If you’re isolated like me, a ‘fitness buddy’ is a lifeline in lockdown

Like most of us, it’s with resigned trepidation that I scan the news every morning….

Like most of us, it’s with resigned trepidation that I scan the news every morning. And, sure enough, this week’s headlines have not disappointed.

Amid whispers that a new, improved lockdown may be coming, one featuring “stricter measures and initiatives to boost adherence, following concerns at weekend scenes of crowded seafronts and parks”, a Government source made an interesting aside. The rule allowing two people from different households to meet for exercise was “being used as an excuse for people to go for a coffee with friends”, they said, before adding: “It may be we tighten up on things like that…”

If our exercise-buddy support systems are banned, I will indeed be gutted. Lockdown will become even more of a “slogdown”. It’s tough for everyone, of course, but my situation is unusual. Aged 52, going through a divorce, I am temporarily living with my father until finances are sorted. I’m a writer, so I work from home.

There isn’t day-to-day interaction with colleagues – even if it’s rumoured that masks will be introduced into offices, which will make the morning coffee run interesting. I have a boyfriend, but he lives in New York. We talk and message several times a day, and I spend a lot of the day gossiping on social media with friends and interesting strangers. Sure, there is also video conferencing and virtual drinks. But stuck in an overheated room staring at your Zoom chin doesn’t always cut it. My dad is good company, but he’s a 78-year-old man. 

Outdoor daily social interactions keep me sane. Twice a week, I have my personal trainer – and these days, our activity consists of running through local fields. Well, we’re meant to run. A lot of the time, we walk and talk. You see, it’s not just about the exercise. Tough and sunny Karen is also great company and a fantastic listener.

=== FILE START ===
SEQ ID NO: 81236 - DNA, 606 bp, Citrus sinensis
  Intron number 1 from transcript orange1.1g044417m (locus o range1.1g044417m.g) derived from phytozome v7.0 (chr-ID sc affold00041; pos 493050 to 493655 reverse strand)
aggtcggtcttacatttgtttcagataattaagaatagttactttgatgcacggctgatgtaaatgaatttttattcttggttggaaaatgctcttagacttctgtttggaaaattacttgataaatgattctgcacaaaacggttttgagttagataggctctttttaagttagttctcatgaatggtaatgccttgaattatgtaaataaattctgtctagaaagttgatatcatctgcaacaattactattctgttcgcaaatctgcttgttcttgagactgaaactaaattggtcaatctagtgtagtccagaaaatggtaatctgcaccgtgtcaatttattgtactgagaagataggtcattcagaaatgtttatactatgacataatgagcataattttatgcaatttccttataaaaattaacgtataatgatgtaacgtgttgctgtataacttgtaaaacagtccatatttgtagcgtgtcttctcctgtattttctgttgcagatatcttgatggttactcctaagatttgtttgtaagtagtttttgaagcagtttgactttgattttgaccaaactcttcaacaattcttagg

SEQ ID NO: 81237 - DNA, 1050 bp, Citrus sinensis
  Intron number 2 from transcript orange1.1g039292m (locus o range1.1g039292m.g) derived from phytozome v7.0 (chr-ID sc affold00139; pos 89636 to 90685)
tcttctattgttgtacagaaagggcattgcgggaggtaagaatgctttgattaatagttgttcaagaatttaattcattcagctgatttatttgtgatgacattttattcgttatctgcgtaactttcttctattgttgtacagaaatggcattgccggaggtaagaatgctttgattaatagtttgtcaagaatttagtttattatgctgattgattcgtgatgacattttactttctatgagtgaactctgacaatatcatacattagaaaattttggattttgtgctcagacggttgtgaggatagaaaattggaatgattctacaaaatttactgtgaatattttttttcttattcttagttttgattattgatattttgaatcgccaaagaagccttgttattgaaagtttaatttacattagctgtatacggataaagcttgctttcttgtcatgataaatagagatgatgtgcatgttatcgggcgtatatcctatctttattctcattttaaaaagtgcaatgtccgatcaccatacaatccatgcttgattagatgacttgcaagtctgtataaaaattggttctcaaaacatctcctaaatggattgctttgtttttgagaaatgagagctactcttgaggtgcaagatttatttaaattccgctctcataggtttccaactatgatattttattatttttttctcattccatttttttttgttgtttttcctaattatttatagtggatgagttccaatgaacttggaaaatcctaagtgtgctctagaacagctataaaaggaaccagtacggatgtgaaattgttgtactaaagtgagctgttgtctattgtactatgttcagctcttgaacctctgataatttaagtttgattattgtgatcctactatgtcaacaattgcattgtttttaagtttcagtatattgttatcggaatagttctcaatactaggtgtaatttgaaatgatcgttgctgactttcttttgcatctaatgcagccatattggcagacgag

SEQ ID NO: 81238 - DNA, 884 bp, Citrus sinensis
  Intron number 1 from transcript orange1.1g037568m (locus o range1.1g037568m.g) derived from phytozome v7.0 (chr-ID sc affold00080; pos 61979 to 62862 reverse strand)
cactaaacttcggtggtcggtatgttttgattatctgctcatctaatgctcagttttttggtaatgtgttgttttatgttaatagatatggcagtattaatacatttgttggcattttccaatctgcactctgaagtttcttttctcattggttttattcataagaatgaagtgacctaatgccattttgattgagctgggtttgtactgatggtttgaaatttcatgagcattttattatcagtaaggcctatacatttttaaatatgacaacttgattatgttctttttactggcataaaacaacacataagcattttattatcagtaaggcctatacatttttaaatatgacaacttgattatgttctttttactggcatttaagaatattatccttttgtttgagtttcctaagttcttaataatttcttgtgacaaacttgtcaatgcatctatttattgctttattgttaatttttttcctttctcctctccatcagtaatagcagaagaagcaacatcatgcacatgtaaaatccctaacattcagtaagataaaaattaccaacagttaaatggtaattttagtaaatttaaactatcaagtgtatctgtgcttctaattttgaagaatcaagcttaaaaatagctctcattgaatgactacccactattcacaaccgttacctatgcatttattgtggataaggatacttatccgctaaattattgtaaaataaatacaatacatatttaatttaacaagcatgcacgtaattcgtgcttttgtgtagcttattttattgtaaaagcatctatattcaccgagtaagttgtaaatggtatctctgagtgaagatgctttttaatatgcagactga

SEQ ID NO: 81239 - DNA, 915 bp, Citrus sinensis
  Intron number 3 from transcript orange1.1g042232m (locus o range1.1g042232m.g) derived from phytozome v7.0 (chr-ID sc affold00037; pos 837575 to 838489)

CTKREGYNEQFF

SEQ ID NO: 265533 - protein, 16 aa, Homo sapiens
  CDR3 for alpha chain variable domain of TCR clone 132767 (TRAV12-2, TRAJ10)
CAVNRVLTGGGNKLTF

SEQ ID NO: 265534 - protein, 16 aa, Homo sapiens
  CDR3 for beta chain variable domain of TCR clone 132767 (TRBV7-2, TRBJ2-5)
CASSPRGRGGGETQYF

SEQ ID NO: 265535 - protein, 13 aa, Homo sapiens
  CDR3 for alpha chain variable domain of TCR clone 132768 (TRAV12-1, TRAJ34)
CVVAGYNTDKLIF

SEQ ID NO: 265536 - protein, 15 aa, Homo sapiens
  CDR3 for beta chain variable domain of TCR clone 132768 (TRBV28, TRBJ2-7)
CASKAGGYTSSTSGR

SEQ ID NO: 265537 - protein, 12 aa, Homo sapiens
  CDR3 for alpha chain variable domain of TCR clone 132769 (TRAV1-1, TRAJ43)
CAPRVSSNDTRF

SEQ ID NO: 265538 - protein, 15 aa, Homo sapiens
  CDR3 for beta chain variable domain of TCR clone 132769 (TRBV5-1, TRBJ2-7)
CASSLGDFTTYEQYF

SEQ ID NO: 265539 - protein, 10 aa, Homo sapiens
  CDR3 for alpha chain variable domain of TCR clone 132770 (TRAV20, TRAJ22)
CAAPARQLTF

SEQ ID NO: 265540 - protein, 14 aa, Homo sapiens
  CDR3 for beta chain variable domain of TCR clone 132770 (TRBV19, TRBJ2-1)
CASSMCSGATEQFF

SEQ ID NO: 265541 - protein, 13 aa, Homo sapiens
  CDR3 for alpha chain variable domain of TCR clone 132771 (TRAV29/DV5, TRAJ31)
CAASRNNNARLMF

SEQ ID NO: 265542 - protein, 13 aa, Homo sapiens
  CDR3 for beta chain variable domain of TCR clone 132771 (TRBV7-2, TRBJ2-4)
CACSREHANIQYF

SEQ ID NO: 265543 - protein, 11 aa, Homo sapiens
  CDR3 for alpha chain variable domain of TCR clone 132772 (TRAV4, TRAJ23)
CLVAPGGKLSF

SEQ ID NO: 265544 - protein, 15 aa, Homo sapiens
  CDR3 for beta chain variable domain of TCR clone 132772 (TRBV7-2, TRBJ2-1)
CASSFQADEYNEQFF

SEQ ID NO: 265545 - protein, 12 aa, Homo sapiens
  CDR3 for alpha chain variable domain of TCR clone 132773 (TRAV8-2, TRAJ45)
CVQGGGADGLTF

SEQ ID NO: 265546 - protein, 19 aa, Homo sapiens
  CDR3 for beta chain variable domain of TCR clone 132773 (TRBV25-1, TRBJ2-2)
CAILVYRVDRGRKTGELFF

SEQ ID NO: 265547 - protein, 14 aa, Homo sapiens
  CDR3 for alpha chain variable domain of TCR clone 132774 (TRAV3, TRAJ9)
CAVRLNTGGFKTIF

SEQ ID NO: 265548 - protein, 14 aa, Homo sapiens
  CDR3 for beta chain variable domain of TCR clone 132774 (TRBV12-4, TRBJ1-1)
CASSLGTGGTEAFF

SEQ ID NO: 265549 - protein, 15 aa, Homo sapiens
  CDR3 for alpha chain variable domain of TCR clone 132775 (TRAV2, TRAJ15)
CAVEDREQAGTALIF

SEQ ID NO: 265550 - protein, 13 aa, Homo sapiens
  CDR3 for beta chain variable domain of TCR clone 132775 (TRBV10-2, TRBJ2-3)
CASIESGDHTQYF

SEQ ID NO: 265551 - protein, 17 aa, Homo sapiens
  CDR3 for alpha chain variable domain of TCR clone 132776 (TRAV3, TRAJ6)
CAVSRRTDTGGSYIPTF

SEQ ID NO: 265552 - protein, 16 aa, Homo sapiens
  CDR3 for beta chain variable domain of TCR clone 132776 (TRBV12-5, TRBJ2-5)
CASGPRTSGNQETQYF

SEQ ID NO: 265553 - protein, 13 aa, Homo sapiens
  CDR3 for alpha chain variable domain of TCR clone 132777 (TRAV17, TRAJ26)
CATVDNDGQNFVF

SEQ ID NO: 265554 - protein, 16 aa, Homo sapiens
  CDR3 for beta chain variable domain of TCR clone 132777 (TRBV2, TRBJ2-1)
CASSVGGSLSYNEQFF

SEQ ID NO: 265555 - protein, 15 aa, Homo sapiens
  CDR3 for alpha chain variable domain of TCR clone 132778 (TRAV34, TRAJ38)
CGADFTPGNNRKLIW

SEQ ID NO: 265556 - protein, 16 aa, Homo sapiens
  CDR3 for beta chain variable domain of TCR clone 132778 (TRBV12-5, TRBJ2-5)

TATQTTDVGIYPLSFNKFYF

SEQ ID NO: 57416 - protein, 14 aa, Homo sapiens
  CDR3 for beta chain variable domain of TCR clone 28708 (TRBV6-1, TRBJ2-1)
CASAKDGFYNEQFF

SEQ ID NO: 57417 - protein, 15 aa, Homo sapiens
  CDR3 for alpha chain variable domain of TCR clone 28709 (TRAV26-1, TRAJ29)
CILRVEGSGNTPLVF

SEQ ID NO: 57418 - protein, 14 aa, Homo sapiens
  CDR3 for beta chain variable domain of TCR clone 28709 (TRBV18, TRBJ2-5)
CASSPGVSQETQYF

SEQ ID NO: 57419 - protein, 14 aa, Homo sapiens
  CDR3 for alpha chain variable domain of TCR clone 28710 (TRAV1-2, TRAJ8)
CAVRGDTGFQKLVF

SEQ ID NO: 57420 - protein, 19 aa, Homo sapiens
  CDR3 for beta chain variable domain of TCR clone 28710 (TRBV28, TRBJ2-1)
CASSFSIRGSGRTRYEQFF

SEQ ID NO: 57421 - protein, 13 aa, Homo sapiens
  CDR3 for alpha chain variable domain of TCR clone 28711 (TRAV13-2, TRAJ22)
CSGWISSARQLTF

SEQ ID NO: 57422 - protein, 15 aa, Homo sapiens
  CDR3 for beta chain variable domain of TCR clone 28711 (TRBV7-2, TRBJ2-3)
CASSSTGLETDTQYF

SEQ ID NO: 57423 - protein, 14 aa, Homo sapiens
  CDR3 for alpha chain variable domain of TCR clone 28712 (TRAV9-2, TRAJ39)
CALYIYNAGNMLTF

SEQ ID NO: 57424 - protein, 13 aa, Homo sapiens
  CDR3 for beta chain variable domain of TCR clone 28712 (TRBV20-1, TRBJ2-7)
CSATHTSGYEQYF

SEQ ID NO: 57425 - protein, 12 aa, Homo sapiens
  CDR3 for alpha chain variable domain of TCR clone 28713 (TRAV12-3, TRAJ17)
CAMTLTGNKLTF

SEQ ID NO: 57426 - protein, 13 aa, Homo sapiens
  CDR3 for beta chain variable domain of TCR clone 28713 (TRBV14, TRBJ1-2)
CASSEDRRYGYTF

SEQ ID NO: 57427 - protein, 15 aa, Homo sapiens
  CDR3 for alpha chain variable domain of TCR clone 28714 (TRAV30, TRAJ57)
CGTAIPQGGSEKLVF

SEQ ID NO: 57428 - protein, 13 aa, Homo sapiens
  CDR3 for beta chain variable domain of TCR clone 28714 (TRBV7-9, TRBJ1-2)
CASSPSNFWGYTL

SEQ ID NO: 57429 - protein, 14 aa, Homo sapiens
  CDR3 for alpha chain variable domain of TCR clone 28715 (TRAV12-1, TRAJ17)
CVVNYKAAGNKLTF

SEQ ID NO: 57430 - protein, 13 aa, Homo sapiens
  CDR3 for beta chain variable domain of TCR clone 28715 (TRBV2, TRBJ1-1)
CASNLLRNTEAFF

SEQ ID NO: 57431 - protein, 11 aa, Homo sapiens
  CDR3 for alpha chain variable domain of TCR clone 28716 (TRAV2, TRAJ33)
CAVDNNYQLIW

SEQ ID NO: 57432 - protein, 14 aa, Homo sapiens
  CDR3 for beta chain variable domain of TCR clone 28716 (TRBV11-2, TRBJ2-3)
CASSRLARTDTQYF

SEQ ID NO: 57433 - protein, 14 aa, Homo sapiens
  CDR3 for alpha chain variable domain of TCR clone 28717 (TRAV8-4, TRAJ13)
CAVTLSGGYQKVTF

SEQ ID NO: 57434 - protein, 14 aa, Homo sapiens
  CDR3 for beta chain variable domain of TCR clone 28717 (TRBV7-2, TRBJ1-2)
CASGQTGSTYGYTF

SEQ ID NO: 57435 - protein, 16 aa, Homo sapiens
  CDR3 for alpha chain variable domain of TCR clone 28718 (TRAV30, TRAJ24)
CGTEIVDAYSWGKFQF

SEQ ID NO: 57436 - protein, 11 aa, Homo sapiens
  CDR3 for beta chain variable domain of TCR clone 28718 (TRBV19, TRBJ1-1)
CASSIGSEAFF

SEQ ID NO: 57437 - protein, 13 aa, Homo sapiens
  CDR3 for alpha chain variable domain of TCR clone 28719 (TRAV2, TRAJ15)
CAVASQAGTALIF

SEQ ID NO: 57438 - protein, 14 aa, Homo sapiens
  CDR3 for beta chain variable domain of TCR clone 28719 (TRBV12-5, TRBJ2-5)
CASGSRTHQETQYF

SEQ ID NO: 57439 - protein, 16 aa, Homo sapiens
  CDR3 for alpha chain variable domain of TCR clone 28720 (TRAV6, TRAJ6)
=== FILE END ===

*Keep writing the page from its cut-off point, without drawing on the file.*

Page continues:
I get to sound off about the challenges of my living situation and to regularly swap stories with a woman my age. Sometimes, we even get takeout bagels (sorry, Boris). And these days, it’s more about the “talking therapy” than the exercise.

I also see my friends, but not as regularly, as they all live an hour’s drive away in north London, previously my home of 30 years. Once a week or so, I’ve been driving up there for socially distanced walks on Hampstead Heath and in Highgate Woods.

But now, even this minor pursuit seems under threat – or at least frowned upon. Last weekend, friends Jessica Allen and Eliza Moore were walking at a reservoir five miles from their Derbyshire homes when they were stopped by police and fined £200 each. They said their cars were “surrounded” by police, they were questioned on why they were there, and told the hot drinks they had with them were not allowed as they were “classed as a picnic”. Ms Allen said the experience was “very intimidating”. The police insisted driving to exercise was “not in the spirit” of lockdown.

The “spirit of lockdown” may need upholding but those – particularly those not living in bustling family units – also need to keep our spirits up. I mean, I’m hardly attending raves. And, yes, this worrying new virus variant is far more transmissible than the first one.

But most research agrees that it’s generally not passed on outdoors. For example, a study of 318 outbreak clusters in China, found that coronavirus is mostly passed on in the home and on public transport. Transmission outside rarely occurred and was where social distancing had not been observed.

There’s a lot of vague chat about “mental health” these days, but for those of us suffering emotionally, this isn’t just theory. A structured day and social contact are really important in staying well – both provided by regular walks with a friend, Last week, Rethink, the mental health charity, revealed that the number of people being diagnosed with depression had rocketed: more than six million people had been prescribed antidepressants in the three months to September 2020, the highest on record. Behind these statistics are lots of human stories.

And it’s not so long since I was among them. I spent most of the 2010s poleaxed with insomnia and depression. Thank God, I’ve been healthy for two years now. But I need to be careful, especially with my sleep “hygiene”. Exercise and sunlight are vital for the regulation of the sleep hormone, melatonin and one’s circadian rhythm. How much harder is it to motivate yourself to drag yourself out for a walk alone, without a “fitness buddy” especially in miserable January and February.

So, yes Prof Whitty, I’ll wear a mask in the queue outside the supermarket or walking to local shops. I’ll stay off public transport. I have my arm held out for a vaccine. But, please, leave my exercise support system intact.

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